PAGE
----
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The federal unemployment program started in 2008 to give the long-term unemployed benefits when their state payments run out, which happens after 26 weeks in California.
For 53,865 people in Los Angeles County, this week is likely bringing less holiday joy than dread. That’s the number of people – according to the Washington-based National Employment Law Project – who are set to lose their federal unemployment benefits on Saturday.
At least one of those people is trying to think about the silver linings.
“I guess the good news is that I’ve been on a weight loss program so I eat less and less all the time,” said a former contractor at NASA, who was laid off last year, in part because of sequestration. (He asked that his name not be used)
“I feel abandoned,” he said. “The government just doesn’t have its act together.”
This former contractor says he’s been receiving $1600 a month since the end of the summer, when his state unemployment expired.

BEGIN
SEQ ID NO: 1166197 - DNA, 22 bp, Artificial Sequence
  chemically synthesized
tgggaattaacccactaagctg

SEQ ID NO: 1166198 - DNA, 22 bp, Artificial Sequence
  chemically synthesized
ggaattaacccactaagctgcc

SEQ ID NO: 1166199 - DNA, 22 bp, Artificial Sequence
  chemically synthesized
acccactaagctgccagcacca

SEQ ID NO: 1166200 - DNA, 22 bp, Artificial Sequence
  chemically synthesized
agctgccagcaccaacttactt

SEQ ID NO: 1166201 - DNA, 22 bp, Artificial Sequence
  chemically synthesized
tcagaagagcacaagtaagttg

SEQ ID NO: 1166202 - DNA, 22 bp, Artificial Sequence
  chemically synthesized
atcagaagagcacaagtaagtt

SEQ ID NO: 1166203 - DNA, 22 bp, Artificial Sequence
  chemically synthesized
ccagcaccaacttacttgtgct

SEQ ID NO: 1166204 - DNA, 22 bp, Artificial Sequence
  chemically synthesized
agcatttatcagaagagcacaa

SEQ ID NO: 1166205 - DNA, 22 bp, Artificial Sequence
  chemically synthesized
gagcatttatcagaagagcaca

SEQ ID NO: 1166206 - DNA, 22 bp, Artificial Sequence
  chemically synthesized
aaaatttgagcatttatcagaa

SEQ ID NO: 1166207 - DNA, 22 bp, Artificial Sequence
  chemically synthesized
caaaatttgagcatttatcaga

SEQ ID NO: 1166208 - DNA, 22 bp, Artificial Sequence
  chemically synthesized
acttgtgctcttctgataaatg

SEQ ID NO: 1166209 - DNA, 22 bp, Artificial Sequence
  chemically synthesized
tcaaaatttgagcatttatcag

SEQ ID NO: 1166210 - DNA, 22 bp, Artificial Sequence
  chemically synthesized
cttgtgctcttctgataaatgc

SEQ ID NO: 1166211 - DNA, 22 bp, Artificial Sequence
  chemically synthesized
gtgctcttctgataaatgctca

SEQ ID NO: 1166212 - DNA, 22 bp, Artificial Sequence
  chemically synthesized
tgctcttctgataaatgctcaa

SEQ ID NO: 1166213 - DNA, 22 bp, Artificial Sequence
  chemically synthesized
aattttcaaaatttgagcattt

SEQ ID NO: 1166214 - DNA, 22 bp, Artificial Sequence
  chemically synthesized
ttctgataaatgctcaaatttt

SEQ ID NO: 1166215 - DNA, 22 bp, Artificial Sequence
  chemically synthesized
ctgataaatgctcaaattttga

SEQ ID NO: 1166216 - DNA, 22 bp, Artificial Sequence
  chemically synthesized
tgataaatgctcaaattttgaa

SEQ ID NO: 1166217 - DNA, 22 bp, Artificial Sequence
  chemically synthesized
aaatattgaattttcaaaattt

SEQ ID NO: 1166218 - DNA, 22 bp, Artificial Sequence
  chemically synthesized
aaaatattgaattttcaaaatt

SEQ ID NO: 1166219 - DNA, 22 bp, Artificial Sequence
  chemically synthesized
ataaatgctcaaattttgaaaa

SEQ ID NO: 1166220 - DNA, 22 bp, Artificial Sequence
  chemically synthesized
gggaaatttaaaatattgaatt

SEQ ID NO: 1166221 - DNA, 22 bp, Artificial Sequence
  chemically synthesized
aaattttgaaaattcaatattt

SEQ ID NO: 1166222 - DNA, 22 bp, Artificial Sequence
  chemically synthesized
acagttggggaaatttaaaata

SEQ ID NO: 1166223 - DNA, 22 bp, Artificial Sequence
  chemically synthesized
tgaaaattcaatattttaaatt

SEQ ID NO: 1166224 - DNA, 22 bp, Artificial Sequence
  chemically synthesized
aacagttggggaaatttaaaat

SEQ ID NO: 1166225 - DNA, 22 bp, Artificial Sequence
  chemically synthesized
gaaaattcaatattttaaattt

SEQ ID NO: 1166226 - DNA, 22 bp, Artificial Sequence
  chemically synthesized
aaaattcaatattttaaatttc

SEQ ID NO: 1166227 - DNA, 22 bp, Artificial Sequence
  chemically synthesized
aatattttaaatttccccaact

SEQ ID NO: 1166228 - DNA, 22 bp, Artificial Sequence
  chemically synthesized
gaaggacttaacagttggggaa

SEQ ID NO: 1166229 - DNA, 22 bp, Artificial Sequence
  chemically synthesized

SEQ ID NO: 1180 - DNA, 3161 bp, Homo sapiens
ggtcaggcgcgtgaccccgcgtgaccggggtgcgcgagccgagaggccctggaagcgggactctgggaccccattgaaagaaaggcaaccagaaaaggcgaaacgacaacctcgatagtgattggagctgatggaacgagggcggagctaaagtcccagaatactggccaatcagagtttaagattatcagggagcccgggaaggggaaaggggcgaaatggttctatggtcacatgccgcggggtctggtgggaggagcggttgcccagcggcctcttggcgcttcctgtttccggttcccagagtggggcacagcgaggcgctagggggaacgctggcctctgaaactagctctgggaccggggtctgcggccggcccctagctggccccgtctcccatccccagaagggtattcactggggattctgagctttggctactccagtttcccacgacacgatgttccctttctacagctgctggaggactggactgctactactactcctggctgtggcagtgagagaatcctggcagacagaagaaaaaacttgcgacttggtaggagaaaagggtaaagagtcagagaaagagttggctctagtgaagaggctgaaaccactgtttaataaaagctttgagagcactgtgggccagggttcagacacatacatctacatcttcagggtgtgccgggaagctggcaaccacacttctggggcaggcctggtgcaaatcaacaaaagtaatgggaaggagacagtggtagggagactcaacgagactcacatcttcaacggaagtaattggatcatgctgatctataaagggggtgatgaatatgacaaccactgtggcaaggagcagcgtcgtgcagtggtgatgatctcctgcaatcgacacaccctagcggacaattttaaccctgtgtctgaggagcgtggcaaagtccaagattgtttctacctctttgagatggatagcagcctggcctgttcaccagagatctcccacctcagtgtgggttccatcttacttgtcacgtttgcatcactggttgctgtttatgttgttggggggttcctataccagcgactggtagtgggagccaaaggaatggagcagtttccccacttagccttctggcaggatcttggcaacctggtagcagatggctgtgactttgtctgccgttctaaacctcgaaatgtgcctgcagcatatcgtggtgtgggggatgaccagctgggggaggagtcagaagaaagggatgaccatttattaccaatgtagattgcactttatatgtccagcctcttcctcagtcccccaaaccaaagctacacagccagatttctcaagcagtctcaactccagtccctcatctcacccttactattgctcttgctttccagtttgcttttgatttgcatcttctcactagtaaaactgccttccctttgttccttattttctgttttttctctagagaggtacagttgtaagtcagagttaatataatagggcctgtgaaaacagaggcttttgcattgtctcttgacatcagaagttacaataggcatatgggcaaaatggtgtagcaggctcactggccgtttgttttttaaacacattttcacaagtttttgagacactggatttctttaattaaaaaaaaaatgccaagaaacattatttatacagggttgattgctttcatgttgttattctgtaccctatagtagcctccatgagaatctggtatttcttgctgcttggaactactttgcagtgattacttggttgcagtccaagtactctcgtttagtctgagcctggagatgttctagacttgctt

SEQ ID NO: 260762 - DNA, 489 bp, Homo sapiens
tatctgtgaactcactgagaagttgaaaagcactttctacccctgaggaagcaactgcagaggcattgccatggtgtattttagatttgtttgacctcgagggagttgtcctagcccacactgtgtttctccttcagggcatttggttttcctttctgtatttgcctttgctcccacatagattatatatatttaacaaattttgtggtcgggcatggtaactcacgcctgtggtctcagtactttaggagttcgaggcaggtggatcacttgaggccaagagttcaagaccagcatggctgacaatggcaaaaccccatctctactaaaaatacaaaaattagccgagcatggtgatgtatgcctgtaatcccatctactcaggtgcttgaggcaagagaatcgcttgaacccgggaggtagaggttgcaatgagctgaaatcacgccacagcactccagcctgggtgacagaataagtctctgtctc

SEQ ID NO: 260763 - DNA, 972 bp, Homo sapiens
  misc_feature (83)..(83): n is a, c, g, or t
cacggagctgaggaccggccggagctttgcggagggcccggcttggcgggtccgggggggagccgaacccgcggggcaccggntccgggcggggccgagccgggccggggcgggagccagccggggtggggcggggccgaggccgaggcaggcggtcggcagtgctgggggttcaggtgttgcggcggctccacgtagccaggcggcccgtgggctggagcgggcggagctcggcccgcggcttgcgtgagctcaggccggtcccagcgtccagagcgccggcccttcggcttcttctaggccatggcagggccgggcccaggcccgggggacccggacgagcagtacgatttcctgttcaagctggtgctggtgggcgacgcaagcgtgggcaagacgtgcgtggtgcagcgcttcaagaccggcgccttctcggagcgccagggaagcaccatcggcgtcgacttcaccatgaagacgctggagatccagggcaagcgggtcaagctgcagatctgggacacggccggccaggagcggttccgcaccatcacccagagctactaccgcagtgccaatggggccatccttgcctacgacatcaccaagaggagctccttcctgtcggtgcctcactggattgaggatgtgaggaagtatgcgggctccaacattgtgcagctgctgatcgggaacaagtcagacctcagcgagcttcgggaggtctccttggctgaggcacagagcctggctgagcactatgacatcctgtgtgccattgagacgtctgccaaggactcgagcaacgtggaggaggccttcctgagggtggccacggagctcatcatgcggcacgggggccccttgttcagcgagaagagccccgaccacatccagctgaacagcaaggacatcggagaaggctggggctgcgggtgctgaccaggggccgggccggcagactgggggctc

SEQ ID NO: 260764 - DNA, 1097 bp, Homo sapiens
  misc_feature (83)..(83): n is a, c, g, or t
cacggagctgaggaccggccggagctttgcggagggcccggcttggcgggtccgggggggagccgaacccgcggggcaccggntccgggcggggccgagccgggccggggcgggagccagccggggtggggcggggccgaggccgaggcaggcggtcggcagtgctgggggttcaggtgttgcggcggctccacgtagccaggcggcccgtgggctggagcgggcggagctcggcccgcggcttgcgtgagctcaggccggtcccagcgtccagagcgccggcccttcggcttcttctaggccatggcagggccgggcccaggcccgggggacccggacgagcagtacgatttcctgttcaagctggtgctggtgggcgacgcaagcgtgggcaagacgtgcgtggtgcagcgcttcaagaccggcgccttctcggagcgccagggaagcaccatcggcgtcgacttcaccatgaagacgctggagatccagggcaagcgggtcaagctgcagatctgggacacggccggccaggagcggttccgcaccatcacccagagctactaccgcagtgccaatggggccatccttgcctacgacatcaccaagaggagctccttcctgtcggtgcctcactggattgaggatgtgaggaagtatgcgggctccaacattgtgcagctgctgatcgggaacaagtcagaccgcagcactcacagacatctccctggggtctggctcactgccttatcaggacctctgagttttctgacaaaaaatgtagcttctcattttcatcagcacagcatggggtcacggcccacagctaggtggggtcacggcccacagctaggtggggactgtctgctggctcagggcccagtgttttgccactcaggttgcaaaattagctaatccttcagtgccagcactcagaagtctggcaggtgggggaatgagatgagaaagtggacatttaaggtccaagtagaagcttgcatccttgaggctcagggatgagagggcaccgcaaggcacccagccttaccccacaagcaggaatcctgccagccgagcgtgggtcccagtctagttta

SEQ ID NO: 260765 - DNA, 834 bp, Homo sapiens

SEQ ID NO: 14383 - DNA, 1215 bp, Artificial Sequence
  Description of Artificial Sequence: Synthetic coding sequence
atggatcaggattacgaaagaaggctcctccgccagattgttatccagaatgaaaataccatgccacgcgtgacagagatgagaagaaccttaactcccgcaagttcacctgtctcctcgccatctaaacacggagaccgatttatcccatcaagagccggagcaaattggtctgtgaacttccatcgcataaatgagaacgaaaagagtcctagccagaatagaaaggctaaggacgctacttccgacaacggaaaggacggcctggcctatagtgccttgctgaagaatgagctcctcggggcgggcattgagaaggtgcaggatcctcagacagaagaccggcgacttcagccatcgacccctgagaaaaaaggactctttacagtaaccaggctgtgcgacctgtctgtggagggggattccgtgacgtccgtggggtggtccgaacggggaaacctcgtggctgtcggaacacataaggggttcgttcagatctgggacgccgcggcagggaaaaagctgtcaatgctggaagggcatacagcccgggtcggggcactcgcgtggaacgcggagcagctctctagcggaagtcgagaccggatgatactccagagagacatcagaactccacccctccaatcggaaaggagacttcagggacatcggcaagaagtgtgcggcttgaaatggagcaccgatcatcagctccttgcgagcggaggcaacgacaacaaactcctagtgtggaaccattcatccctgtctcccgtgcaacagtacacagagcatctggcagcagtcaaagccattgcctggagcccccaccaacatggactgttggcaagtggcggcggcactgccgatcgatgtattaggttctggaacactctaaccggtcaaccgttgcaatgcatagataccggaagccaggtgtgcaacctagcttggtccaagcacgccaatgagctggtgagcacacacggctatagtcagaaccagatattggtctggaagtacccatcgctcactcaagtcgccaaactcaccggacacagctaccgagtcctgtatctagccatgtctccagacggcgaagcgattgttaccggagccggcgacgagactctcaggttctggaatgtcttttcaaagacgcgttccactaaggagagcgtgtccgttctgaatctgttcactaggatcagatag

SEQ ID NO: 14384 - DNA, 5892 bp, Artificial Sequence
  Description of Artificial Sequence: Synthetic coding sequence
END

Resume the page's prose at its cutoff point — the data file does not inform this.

With the federal unemployment checks ending, he’s going to have to rely entirely on his wife’s income and what he has left in his savings account. The problem is, the account is now almost empty.
“Ever since I lost my job I’ve been slowly peeling back discretionary spending,” the contractor said.
In all, more than 1.3 million unemployed people nationwide – 222,000 in California alone -- are scheduled to have their benefits cut off.
The federal unemployment program started during the depths of the recession in 2008 to give the long-term unemployed benefits when their state payments ran out, which happens after 26 weeks in California.
Since 2008, more than $41 billion in extension benefits have been paid out in California. A third of the more than 712,000 people who receive unemployment benefits in the state are long-term unemployed whose federal extensions are scheduled to run out Saturday, according to the California Employment Development Department.
“These are folks who are by definition already stretched to the limit financially,” said Maurice Emsellem, Director of the Access and Opportunity Program at The National Employment Law Project. “They’ve been unemployed for at least six months, so they really have no means to support themselves.”
Emsellem says even for those lucky enough to have jobs, the cut in benefits will still have an impact because of the ripple effect on the economy.
“If the program is not reauthorized through 2014 the hit to California is going to be around four billion dollars,” estimated Emsellem.
But even he admits it may not come to that.
Majority Leader Harry Reid says the Senate’s first item of business when it returns from recess will be to vote on a bipartisan bill to extend unemployment insurance.
“We have every expectation that Congress is going to come back and vote on this issue,” said Emsellem.